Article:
History and Objectives



FCFRP-USP started its Graduate activities in 1988, with the creation of the Graduate Program in Drugs and Medicines with the areas of concentration: Chemistry and Biology, initially at the master’s level and from 1998 onwards, with the graduate school.
The first major change in Graduate Studies at FCFRP-USP took place in 1999, changing the name of the former Program to the Graduate Program in Pharmaceutical Sciences, divided into two areas of concentration: Pharmaceuticals and Medicines. In 2001, two more new areas of concentration were created: Clinical Analysis and Toxicology.
In mid-2004, there was the second major reformulation of Graduate teaching at FCFRP-USP. Since then, the areas of Clinical Analysis and Toxicology were transformed into the Graduate Program in Biosciences Applied to Pharmacy, current Graduate Program in Biosciences and Biotechnology, and Graduate Program in Toxicology, concentration area: Toxicology.
The PPG in Toxicology at FCFRP-USP has a fundamental role in the process of training higher education professors and/or researchers in the area of Toxicology, to attend the more than 400 undergraduate courses in the country in the area of Pharmacy and that have the discipline Toxicology in their curricular structures. It has 14 professors accredited as advisors.
Since its implementation in 2004, the PPG in Toxicology has graduated 124 masters and 129 doctors. In 2019, 5 masters and 6 doctors were trained.



Graduate Program in Toxicology aims to:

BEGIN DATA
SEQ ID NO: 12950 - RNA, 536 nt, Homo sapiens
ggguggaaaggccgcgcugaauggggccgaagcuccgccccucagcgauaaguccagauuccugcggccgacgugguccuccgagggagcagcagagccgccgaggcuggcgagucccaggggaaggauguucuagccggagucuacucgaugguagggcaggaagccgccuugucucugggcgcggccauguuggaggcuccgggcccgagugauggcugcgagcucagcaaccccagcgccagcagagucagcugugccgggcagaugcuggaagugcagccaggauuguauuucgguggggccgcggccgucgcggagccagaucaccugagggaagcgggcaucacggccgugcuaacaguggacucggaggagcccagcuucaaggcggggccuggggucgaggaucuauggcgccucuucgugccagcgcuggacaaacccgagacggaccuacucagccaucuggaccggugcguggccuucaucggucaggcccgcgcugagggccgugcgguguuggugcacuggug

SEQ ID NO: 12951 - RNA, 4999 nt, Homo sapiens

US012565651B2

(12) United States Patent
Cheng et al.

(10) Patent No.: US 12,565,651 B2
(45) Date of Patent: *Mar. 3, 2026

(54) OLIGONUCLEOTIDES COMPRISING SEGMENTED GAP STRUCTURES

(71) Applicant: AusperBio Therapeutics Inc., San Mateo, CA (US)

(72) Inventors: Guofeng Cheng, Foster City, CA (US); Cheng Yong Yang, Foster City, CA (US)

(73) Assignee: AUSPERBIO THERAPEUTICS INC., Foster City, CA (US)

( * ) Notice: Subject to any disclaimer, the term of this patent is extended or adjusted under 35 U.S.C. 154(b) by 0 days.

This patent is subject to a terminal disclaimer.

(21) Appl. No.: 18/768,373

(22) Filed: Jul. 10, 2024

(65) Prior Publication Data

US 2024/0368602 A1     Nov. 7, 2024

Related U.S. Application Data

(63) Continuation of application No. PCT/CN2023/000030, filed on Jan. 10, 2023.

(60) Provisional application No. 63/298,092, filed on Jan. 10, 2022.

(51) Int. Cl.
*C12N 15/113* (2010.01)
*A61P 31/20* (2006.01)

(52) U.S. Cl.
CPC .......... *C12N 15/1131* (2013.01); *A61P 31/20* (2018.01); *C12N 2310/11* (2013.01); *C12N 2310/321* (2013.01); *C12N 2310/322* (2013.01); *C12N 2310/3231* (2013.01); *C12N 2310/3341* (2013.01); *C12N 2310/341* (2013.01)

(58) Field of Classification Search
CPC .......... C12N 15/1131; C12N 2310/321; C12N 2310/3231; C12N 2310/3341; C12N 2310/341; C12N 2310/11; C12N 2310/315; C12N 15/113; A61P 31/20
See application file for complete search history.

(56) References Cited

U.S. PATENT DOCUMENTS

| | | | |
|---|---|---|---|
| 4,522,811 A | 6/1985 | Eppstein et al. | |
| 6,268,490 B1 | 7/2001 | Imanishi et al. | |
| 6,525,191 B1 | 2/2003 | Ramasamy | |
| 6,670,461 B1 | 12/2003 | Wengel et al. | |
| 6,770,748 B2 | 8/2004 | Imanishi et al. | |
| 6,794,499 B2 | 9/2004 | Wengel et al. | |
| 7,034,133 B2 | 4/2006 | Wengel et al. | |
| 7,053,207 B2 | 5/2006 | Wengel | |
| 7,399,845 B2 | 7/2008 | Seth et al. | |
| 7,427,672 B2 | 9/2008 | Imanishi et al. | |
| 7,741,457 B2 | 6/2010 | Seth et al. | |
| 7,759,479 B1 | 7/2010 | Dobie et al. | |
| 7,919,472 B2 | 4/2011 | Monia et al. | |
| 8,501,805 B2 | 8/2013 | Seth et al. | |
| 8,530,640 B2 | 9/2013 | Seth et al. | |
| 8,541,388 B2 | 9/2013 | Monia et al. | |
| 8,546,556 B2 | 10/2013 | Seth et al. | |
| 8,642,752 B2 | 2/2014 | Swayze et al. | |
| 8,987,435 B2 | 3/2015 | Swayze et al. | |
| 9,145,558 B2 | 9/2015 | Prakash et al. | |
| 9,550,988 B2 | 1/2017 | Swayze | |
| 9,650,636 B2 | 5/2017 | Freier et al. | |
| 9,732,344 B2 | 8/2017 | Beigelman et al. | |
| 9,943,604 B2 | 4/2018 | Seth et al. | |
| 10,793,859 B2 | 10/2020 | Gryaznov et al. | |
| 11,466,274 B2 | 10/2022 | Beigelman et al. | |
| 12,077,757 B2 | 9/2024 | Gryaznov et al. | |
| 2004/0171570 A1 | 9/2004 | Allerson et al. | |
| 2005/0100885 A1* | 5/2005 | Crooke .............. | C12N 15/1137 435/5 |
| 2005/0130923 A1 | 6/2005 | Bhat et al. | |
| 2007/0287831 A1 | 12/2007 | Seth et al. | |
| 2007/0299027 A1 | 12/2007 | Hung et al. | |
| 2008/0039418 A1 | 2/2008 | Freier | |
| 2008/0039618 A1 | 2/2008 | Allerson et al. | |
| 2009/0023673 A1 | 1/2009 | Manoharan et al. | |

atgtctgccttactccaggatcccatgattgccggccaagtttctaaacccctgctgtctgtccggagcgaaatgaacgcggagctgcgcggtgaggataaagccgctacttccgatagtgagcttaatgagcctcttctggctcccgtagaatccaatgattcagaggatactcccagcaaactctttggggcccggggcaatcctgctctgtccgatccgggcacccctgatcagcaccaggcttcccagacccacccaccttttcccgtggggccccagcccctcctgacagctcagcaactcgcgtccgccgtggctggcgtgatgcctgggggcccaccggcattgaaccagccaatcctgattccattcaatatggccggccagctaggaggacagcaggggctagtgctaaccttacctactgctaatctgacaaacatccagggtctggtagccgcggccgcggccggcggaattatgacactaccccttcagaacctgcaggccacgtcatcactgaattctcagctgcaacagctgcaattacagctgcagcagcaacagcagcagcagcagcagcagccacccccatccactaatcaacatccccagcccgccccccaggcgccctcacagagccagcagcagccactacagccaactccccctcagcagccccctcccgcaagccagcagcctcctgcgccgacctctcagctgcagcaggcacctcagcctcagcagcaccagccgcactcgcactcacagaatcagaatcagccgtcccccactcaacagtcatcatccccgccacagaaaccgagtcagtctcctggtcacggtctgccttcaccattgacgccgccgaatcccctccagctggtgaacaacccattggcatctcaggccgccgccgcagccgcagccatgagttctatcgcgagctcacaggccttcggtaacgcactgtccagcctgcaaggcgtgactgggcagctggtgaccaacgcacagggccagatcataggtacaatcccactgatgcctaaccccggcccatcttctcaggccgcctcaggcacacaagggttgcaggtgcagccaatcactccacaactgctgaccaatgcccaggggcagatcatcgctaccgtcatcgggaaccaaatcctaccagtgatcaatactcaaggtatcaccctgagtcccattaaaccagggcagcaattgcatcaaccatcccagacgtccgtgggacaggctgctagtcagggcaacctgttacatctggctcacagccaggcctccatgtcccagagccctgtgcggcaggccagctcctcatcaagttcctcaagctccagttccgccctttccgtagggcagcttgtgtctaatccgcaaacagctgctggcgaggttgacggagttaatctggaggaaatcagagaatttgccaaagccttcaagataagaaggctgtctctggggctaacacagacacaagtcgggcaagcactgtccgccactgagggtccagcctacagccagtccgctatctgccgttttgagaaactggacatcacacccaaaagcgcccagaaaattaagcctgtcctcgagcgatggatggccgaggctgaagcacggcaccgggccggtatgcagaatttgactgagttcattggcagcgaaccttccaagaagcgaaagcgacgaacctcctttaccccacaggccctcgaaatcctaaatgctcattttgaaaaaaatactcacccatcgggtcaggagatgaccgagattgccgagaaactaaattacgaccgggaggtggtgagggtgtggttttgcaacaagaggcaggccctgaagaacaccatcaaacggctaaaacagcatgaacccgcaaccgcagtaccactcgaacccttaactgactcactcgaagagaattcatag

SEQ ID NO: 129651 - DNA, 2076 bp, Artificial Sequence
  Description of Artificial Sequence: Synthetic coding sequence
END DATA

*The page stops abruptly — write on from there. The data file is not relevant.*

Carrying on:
a) training of human resources specialized in the study of the adverse effects of chemical substances on living organisms;
b) promote the training of personnel for teaching and research in Toxicology and related areas with the capacity to work in public or private educational institutions;
c) train and/or improve human resources able to work in the solution of problems and decision-making related to the safe use of chemical substances, exercising leadership activities both in regulatory bodies and agencies and in various segments of the national industry;
d) strengthen Toxicology in the country, with the formation of leaders in the area who will disseminate knowledge in the country and abroad, in addition to nurturing strong groups in the area.
To achieve these goals, the graduate student will specialize in one of its three main areas: Experimental, Clinical, and Analytical, which constitute the three main lines of our PPG and meet the three essential purposes of Toxicology: Prevention, diagnosis, and treatment of poisoning.